More than anything I want to know. I want the whole story. Not just the civil rights story, but all of it. My mother mentioned that Booker was an orphan and that he spent his life wondering who his real mother was. How does she know, what did he do that revealed how important this was to him? How interesting to have so much in life except the knowledge of where you came from. I would like to explore how this idea played out in Booker’s life.

Booker never learned to read or write, yet he was one of the most successful black businessmen in his town. Was this luck? Was owning a business a dream that he had for years or did he seize a last minute opportunity? What drove him? For many years he worked two jobs, did he get a lot of sleep? Was he sloppy on the job because he was tired?

It seems like Booker was an accidental activist who, in the end, embraced this role. Why? What prompted his actions during the interview he had on the national news? Did he ever waiver in his convictions? Was he conflicted? These questions and thoughts are just the tip of the iceberg. I sense the making of a wonderful story and I want to know the whole of it.

I guess this is the research aspect: learning and getting a glimpse of a day in his life, piecing together the puzzle so that I can best recreate the man in my own mind, half a century later. The next question is, what will I do with what I learn?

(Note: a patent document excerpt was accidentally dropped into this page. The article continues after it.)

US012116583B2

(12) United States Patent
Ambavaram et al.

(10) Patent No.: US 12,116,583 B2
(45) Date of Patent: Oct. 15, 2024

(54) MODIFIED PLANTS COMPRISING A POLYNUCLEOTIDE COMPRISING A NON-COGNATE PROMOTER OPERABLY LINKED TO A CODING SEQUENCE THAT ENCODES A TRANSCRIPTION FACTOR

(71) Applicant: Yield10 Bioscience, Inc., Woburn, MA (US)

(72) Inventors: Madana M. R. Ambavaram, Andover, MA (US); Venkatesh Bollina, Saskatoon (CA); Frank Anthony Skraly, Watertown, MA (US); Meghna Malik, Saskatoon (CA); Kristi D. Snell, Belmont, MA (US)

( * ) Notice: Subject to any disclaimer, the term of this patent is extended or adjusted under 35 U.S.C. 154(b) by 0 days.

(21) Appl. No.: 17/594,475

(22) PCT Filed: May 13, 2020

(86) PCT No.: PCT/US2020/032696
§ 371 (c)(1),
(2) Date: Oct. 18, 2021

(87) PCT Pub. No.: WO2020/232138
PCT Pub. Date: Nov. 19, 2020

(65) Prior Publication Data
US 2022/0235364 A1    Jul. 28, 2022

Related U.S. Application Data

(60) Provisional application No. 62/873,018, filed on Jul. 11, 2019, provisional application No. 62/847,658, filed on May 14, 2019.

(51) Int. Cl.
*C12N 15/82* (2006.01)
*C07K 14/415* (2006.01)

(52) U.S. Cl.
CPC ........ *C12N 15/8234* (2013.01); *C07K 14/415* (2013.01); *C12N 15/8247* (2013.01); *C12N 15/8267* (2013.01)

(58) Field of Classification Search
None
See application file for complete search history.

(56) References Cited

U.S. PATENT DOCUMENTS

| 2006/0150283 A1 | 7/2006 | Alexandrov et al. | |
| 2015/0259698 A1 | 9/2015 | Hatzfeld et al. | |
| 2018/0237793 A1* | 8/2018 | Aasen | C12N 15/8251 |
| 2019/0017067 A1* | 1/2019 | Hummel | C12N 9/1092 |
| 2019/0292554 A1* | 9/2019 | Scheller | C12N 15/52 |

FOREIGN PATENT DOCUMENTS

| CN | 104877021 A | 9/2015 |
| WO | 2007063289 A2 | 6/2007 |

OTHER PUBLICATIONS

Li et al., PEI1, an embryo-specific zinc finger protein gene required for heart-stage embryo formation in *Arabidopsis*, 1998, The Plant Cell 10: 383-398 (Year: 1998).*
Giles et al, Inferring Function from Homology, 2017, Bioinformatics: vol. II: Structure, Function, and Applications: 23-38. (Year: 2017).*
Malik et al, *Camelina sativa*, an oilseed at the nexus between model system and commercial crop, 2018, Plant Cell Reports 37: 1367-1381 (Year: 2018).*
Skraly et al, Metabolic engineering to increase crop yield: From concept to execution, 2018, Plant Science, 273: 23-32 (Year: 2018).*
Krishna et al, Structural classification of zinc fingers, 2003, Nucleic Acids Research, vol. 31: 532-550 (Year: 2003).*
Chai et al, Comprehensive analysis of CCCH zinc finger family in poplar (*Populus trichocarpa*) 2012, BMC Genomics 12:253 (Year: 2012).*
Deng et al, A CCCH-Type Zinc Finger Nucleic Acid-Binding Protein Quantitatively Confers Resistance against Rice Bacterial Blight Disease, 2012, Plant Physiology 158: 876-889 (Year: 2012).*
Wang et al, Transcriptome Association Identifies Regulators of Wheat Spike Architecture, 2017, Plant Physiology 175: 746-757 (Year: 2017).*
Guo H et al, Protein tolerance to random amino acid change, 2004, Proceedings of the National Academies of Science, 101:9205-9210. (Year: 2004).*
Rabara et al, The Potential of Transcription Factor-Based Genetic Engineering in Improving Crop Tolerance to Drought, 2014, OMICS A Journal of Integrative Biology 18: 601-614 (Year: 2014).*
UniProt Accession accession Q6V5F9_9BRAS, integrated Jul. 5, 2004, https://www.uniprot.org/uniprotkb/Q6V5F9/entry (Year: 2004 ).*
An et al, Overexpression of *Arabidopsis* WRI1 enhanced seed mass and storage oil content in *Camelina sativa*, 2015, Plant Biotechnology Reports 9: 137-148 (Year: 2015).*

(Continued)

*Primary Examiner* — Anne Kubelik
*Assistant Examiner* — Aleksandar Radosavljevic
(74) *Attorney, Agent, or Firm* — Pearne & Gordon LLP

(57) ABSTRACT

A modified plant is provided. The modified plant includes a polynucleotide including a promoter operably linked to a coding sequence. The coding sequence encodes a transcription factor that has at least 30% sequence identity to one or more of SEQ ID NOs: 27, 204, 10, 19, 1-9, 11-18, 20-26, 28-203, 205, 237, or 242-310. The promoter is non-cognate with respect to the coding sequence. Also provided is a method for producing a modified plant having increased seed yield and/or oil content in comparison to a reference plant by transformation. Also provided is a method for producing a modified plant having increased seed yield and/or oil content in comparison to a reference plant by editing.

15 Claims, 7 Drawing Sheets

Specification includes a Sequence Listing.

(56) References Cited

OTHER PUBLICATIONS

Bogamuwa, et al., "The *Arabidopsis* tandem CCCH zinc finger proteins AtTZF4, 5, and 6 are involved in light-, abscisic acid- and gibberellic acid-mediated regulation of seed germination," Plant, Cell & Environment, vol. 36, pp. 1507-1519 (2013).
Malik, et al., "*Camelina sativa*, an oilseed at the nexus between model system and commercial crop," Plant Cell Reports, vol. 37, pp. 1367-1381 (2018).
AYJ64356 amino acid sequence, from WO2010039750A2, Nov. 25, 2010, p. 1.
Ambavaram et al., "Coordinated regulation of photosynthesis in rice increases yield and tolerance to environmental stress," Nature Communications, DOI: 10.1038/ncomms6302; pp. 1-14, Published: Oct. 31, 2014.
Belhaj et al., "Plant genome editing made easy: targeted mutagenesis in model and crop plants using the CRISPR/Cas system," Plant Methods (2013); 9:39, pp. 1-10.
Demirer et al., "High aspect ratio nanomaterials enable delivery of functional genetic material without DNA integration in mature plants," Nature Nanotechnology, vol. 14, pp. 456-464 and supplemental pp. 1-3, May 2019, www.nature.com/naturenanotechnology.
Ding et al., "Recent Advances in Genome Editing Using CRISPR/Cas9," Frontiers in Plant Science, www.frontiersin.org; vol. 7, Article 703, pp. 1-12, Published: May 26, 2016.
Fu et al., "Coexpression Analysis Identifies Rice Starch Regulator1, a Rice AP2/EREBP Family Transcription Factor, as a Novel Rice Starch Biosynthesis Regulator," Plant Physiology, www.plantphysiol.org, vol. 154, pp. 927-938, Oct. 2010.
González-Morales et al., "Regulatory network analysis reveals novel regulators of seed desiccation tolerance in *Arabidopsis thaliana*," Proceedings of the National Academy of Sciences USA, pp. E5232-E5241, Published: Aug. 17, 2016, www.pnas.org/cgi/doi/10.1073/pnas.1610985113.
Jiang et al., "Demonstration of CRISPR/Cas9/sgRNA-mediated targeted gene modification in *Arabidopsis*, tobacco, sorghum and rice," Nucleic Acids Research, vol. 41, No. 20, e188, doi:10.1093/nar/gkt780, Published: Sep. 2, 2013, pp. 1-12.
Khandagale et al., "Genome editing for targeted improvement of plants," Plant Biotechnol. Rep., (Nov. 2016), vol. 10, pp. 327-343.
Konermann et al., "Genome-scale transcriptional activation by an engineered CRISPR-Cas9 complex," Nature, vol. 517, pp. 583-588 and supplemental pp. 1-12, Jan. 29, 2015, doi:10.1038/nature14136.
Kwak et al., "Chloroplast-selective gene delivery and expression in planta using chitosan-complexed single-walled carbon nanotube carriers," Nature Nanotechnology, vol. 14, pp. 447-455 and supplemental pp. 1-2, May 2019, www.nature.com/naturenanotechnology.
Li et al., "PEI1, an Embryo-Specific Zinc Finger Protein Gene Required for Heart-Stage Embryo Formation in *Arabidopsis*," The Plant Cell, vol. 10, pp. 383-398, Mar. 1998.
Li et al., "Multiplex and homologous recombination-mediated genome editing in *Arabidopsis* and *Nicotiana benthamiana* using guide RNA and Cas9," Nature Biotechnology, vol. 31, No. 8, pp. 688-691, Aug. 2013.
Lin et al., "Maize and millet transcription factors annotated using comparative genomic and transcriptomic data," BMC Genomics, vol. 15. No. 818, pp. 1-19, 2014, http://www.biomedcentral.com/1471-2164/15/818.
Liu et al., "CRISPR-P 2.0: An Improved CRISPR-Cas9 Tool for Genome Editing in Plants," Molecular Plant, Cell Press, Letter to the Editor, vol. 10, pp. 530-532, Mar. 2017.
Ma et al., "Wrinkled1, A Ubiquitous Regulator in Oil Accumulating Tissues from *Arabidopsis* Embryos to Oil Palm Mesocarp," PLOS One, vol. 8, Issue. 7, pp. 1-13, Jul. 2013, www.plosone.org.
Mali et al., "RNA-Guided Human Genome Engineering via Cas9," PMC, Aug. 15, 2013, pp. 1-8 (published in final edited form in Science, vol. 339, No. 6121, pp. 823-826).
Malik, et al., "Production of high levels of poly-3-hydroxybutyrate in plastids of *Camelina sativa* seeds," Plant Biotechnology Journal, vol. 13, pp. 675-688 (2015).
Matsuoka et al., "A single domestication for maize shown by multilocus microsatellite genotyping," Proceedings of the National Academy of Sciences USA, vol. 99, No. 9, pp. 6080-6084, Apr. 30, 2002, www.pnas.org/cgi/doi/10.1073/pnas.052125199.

Saturday, September 1, 2007

What I've Learned Since

During my family history class, my instructor encouraged me to find secondary sources outside of my family who may be able to provide a different point of view. She actually searched on her own for information about Booker's Place to help me get started.

I received her email in the morning and began searching on my own to learn more about my grandfather, Booker Wright. By that afternoon I'd set up an appointment to speak with a Mississippi State Senator who believes that Booker was the catalyst of the civil rights movement in Greenwood. I also spoke with a writer and researcher who was not only familiar with Booker, but was amazed to learn that he had children and grandchildren.

This researcher told me that my grandfather appeared in a national news program in which he was asked to describe what life for blacks was like.  I got the impression that people were expecting Booker Wright to say that life for blacks in the South was fine.  Instead he said some strong words to indicate that life for blacks was not good and that things desperately needed to change.